When should costs for health insurance should be added to the average weekly wage in Colorado? 2017-07-21T17:43:11+00:00

When should costs for health insurance should be added to the average weekly wage in Colorado?

Wages in general

Wages could include earnings from the employer, possible earnings from concurrent employment, some bonuses, the cost of continuing health insurance, and certain fringe benefits.

Inclusion of the cost of health insurance

If the claimant was enrolled in health insurance through the employer at the time of the injury, the claimant’s average weekly wage must include any additional costs the claimant incurs in continuing that coverage.  If the employer continues to pay the costs for the claimant’s health insurance and the claimant does not incur any additional costs, then the average weekly wage should not be increased.  However, if the employer stops paying premiums, the average weekly wage must be increased to cover the additional cost to the claimant.

If the claimant is terminated by the employer, the average weekly wage must be increased by the cost of continuing the employer’s health insurance or the cost of conversion to a similar or lesser insurance plan.  This generally means that the average weekly wage is increased for the cost of COBRA.  The equivalent COBRA plan should be for the same family members and same coverage as the claimant previously had with the employer, i.e. medical only for claimant only or medical, dental, and vision for claimant, spouse, and children.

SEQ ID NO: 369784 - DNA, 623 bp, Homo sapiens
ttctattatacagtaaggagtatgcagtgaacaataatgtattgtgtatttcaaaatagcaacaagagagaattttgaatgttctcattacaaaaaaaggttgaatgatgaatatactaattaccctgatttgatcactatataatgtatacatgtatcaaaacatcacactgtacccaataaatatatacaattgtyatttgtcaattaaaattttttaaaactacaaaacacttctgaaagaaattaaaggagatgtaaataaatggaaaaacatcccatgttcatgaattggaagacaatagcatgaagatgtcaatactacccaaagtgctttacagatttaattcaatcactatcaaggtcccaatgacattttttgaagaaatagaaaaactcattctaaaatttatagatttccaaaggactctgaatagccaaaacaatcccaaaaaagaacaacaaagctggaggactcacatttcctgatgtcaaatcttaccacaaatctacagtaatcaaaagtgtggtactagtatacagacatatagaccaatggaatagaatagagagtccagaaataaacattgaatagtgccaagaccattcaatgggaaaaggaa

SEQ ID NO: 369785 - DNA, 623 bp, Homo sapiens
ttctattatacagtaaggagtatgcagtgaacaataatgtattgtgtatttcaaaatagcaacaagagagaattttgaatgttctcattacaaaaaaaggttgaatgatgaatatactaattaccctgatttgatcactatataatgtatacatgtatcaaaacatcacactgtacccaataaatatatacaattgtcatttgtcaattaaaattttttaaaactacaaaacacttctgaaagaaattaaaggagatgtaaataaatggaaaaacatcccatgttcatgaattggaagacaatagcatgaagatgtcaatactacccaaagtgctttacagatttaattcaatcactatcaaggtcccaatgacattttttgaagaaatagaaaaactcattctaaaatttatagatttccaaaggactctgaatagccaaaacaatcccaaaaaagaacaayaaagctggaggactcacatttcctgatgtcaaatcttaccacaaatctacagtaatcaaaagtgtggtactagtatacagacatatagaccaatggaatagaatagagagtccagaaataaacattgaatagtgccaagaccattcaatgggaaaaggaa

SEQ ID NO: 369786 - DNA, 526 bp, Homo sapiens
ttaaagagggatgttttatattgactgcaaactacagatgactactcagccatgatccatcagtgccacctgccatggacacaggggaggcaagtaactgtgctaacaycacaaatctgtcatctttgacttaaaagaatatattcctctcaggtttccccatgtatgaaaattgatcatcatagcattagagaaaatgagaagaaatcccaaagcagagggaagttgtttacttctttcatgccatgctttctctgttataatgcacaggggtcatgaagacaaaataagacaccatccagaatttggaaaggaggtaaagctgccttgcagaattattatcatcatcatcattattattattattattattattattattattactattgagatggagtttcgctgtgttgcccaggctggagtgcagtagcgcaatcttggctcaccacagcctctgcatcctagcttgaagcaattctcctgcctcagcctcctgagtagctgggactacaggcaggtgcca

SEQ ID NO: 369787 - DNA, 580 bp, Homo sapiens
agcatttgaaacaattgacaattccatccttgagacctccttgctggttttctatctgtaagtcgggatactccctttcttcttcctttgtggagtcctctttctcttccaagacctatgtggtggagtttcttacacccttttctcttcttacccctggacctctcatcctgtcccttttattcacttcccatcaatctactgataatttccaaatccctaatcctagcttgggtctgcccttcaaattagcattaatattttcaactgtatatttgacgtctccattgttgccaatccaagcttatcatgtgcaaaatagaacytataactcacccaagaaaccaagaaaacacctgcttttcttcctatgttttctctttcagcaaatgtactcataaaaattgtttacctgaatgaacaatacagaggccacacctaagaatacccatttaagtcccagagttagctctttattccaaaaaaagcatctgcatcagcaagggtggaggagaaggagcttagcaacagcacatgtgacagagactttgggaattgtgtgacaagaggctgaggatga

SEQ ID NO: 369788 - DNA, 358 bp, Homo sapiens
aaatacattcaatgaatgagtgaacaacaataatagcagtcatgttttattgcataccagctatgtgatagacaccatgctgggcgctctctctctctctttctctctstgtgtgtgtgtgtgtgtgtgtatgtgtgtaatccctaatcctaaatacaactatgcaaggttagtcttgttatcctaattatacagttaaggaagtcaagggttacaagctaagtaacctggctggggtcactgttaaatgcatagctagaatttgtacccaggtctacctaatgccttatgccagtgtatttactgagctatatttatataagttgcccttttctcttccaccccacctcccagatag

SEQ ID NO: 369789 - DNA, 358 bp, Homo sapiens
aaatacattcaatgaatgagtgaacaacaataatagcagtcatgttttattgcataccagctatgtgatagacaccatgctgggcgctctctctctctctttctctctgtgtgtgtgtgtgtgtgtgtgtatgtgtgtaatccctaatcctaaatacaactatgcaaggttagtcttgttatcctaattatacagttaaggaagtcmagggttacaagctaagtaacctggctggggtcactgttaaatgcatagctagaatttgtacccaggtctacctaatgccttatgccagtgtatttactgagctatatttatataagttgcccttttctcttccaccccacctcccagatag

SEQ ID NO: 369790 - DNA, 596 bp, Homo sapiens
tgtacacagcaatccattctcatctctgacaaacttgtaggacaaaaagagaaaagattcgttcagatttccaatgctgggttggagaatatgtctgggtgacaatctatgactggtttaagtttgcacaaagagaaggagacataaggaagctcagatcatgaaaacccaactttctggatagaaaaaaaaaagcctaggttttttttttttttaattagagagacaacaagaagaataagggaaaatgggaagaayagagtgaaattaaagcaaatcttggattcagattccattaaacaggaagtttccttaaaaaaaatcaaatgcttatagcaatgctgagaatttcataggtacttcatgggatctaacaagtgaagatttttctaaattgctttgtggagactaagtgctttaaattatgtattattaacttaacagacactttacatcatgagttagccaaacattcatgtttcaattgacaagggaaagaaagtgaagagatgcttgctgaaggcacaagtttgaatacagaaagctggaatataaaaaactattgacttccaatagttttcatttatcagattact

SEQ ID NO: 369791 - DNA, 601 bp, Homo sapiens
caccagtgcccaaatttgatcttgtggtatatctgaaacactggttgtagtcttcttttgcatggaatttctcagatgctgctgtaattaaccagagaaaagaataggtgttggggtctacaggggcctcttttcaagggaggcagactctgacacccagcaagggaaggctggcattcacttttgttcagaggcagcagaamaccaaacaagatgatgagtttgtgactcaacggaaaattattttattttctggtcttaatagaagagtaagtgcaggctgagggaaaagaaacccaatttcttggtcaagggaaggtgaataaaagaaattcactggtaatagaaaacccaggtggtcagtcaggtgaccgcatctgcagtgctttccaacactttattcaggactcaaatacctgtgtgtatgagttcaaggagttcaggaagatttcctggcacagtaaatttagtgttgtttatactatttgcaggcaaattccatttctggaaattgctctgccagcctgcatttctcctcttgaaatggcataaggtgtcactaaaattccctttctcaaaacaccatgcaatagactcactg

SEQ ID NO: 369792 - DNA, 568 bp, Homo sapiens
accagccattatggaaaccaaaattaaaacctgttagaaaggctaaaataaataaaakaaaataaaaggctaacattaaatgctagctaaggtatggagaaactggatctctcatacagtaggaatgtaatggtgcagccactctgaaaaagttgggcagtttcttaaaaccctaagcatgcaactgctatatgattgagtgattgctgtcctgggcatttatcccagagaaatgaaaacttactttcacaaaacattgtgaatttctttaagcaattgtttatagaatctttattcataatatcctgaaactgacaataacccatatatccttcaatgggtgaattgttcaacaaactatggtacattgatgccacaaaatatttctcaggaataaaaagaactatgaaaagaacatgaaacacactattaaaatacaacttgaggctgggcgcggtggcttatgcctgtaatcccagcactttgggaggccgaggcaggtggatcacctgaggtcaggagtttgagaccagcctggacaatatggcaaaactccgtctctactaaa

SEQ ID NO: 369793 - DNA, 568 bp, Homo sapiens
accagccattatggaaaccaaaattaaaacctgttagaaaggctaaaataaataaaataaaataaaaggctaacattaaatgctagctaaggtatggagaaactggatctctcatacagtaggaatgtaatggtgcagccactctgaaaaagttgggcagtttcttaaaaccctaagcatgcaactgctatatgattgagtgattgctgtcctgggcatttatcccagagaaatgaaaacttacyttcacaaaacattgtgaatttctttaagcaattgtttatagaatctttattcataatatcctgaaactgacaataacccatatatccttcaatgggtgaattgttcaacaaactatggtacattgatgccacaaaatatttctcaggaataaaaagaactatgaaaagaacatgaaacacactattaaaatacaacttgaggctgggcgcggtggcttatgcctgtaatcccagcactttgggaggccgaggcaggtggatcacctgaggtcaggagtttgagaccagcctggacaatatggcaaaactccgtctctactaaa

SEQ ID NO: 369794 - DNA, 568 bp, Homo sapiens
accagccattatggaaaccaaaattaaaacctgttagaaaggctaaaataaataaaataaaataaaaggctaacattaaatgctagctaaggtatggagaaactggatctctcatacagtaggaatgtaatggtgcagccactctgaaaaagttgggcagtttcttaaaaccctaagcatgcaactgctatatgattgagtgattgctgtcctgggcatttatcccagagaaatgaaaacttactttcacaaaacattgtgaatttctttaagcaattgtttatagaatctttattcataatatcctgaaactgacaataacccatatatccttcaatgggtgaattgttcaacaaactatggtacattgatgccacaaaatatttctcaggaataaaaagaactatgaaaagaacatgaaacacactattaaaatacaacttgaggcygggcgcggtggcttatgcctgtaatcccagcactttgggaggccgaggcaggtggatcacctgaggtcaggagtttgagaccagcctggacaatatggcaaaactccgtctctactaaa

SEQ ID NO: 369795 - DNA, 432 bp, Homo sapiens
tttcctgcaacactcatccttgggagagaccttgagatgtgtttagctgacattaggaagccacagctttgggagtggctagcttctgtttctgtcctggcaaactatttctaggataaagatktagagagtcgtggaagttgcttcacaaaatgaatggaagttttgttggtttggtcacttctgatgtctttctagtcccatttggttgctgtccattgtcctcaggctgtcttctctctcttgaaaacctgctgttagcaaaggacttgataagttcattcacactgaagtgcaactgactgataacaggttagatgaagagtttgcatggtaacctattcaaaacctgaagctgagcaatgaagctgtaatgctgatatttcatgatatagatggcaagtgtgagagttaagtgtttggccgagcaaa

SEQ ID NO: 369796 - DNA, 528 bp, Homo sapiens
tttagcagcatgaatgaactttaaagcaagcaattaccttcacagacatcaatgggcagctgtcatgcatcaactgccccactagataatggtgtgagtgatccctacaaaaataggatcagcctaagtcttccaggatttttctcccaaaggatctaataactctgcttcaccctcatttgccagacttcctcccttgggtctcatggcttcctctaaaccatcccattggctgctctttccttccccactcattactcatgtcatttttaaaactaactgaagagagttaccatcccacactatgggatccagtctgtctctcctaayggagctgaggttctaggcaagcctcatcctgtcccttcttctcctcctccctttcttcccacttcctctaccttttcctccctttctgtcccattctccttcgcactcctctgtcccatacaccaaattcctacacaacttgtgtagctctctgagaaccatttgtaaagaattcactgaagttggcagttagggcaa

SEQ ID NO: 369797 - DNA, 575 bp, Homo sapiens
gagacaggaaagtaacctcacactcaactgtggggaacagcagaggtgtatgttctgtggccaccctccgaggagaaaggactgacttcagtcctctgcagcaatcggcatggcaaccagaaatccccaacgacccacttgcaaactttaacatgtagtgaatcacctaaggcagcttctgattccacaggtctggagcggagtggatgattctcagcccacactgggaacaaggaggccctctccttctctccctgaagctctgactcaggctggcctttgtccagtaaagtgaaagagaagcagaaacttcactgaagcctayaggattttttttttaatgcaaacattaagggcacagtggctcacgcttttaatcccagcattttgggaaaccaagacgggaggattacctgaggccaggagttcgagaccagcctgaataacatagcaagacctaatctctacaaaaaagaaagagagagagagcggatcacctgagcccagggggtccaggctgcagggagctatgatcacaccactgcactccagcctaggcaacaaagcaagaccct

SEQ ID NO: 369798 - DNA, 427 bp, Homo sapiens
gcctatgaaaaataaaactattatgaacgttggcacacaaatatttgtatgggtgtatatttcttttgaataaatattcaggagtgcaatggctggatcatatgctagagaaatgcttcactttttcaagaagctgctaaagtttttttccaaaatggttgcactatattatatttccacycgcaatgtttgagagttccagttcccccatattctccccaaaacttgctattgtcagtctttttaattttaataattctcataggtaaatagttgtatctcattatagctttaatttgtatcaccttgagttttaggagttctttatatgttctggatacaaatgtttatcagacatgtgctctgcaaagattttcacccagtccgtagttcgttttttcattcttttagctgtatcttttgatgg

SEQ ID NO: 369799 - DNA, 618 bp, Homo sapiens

The claimant is not required to actually elect the COBRA coverage and is entitled to the average weekly wage increase even if COBRA coverage is declined. However, if the claimant instead acquires health insurance through a subsequent employer or their spouse’s employer at a lower rate, the average weekly wage should be increased for this lower cost of health insurance, not increased to the higher COBRA rate. Likewise, if Claimant later becomes Medicare eligible, the average weekly wage should be modified for the cost of Medicare, not COBRA.

Conclusion

In most case, a claimant is usually only eligible for an increase in average weekly wage for the cost of the continuation of health insurance after termination.  If a claimant is terminated following a work injury, a review should be done to see if the claimant was enrolled in health insurance and if the average weekly wage needs to be adjusted.

For further questions on this topic, please contact one of our attorneys at 720-488-9586.